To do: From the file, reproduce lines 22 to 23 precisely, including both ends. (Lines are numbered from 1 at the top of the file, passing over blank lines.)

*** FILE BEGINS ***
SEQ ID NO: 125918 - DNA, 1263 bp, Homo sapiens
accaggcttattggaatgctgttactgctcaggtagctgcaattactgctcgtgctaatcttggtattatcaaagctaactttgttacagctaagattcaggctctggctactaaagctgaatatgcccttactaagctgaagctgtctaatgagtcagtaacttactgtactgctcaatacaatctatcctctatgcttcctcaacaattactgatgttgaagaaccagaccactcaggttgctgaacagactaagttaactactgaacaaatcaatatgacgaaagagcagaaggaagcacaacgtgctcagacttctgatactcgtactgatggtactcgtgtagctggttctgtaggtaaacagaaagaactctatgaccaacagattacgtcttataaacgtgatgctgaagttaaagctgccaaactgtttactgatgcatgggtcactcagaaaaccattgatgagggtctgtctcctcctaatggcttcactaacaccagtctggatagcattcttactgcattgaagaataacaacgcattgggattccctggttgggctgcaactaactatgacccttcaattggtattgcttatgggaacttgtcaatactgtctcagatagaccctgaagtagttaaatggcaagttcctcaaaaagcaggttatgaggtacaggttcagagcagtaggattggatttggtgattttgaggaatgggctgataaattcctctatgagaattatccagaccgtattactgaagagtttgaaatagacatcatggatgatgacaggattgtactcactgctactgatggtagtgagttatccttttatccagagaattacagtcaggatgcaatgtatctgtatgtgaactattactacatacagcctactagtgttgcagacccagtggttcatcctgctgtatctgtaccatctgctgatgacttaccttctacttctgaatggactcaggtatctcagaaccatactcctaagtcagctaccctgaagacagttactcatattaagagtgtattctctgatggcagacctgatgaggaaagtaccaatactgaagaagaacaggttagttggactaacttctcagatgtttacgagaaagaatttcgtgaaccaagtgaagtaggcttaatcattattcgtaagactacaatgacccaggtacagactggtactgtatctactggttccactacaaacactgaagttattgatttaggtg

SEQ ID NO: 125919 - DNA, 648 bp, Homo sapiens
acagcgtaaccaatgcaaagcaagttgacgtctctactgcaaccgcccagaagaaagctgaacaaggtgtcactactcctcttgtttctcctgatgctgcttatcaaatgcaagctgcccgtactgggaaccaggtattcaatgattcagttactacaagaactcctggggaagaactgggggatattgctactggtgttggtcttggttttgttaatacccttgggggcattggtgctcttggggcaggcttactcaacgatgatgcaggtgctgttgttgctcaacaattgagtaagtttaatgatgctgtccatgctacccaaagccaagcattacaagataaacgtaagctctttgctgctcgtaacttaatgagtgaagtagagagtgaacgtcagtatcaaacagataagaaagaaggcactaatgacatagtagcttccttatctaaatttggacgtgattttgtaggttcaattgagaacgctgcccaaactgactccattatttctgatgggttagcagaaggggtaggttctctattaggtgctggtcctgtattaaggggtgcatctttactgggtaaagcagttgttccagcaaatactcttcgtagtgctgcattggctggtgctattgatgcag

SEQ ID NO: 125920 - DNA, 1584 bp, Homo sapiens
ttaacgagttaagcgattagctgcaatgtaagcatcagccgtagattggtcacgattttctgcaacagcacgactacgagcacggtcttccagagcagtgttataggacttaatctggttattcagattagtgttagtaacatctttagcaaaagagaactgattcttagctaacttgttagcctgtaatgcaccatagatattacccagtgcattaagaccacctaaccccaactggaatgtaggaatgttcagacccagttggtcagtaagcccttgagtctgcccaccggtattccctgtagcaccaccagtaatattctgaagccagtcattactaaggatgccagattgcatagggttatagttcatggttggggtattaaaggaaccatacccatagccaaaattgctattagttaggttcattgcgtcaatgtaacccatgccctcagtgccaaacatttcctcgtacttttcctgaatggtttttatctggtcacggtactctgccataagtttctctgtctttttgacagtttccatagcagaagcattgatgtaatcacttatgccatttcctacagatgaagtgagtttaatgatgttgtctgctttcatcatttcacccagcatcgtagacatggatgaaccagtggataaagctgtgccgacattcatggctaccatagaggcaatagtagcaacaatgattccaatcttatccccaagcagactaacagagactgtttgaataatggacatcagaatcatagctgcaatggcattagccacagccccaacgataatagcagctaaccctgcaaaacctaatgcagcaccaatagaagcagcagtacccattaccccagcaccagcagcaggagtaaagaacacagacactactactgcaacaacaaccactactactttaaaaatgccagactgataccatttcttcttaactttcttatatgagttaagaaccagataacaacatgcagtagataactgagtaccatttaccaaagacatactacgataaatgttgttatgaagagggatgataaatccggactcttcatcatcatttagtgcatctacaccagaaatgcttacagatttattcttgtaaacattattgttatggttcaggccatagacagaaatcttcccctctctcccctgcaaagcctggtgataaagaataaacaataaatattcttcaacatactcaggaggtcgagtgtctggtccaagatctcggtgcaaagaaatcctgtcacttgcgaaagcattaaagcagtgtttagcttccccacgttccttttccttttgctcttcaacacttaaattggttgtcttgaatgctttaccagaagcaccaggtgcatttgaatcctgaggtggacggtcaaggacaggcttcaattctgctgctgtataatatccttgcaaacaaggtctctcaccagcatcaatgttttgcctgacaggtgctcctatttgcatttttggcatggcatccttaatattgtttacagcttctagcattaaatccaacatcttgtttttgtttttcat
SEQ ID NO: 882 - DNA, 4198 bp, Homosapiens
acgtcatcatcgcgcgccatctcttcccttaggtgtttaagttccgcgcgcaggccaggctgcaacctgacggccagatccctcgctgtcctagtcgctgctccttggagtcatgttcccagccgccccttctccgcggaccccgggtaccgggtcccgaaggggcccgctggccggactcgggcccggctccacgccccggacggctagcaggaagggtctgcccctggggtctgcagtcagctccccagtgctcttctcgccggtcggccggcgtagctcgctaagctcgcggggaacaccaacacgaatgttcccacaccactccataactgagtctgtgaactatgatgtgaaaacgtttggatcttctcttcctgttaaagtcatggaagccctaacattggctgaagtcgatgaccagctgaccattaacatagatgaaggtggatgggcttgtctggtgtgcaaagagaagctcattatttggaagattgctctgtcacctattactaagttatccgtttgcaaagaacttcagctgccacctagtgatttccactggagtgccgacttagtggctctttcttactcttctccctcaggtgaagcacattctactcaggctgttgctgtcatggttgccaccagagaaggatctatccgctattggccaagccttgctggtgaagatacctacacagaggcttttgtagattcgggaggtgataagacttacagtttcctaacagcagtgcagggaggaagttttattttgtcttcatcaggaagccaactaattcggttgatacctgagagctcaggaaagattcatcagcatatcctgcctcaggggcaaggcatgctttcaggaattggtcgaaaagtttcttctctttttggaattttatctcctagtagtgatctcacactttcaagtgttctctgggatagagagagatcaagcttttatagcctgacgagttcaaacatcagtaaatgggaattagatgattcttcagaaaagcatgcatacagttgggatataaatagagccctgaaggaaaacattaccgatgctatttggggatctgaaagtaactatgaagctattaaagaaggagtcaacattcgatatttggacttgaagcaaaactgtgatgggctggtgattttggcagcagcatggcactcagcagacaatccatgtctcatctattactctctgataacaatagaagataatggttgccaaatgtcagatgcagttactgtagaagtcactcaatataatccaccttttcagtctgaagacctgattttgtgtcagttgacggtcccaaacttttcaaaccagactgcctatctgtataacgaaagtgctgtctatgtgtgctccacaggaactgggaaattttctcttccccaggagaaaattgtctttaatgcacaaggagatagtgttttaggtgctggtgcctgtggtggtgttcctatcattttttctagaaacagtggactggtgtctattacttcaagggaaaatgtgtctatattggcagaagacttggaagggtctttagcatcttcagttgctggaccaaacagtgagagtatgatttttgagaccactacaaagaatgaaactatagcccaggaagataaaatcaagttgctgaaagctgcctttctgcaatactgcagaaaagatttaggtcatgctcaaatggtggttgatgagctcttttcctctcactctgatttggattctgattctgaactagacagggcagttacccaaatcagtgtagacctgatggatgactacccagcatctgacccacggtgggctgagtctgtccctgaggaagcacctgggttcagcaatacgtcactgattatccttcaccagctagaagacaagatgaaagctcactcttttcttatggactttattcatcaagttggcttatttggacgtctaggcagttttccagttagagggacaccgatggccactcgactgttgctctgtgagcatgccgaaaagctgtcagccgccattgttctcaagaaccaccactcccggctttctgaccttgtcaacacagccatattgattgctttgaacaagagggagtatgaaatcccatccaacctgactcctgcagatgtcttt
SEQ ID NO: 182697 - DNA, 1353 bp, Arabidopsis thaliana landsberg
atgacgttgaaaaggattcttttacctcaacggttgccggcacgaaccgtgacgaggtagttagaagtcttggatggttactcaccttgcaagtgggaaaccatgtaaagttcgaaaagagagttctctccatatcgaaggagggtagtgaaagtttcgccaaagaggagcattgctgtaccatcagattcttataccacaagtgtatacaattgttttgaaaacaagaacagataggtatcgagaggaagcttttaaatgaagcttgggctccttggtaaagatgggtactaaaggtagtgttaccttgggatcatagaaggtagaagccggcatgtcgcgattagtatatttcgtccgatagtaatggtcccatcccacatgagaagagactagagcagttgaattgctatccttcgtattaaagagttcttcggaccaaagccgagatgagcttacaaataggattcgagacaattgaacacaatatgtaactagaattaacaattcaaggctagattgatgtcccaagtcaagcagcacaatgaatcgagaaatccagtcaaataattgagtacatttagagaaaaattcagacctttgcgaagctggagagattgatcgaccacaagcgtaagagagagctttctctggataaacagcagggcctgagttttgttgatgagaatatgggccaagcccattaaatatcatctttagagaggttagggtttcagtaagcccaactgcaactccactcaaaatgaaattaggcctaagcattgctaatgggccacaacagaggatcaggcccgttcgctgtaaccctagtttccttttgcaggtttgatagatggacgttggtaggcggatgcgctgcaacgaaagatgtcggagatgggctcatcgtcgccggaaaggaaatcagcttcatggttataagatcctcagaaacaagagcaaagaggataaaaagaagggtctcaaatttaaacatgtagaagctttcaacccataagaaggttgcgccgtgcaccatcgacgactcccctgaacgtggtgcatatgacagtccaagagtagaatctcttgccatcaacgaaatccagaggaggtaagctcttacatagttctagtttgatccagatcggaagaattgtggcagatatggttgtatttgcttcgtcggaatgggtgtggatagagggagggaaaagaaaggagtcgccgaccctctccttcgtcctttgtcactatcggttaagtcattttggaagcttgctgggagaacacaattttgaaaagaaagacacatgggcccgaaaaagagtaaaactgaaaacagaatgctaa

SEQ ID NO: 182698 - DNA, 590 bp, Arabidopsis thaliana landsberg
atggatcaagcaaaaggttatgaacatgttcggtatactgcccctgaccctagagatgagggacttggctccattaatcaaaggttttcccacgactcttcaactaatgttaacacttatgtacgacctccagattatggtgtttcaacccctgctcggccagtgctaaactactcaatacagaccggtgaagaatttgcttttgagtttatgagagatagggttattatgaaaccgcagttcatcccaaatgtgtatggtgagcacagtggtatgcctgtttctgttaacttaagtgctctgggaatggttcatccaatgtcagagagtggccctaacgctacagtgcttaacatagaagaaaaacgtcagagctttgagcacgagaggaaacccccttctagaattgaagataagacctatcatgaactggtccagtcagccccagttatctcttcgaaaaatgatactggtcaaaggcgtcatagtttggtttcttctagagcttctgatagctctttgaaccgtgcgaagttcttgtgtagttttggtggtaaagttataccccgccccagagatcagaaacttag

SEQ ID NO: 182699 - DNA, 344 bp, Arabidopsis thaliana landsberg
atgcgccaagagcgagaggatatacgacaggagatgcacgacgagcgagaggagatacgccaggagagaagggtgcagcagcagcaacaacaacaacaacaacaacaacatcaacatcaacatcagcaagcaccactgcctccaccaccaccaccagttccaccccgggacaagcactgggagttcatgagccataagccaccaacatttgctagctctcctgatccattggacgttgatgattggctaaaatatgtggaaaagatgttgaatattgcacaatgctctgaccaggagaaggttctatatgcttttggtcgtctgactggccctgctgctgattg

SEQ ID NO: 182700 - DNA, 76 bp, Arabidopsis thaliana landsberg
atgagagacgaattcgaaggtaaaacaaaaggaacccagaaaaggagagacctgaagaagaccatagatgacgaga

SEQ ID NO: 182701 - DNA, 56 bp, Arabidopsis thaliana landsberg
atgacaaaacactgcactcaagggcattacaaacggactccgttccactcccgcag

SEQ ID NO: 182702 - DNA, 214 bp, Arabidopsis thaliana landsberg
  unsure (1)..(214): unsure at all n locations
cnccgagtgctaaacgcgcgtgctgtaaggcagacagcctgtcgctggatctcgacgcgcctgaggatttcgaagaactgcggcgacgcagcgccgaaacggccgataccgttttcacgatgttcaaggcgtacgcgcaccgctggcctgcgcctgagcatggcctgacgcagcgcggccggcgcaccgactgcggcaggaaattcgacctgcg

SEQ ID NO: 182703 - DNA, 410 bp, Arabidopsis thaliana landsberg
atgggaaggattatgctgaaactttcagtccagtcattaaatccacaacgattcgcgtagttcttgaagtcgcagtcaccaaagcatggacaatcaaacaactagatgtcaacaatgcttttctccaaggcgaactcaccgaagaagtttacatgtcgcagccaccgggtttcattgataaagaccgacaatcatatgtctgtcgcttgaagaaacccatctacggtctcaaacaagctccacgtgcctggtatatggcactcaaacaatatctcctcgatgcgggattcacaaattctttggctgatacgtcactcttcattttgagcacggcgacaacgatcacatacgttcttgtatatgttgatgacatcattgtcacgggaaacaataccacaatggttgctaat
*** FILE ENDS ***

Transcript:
SEQ ID NO: 182703 - DNA, 410 bp, Arabidopsis thaliana landsberg
atgggaaggattatgctgaaactttcagtccagtcattaaatccacaacgattcgcgtagttcttgaagtcgcagtcaccaaagcatggacaatcaaacaactagatgtcaacaatgcttttctccaaggcgaactcaccgaagaagtttacatgtcgcagccaccgggtttcattgataaagaccgacaatcatatgtctgtcgcttgaagaaacccatctacggtctcaaacaagctccacgtgcctggtatatggcactcaaacaatatctcctcgatgcgggattcacaaattctttggctgatacgtcactcttcattttgagcacggcgacaacgatcacatacgttcttgtatatgttgatgacatcattgtcacgggaaacaataccacaatggttgctaat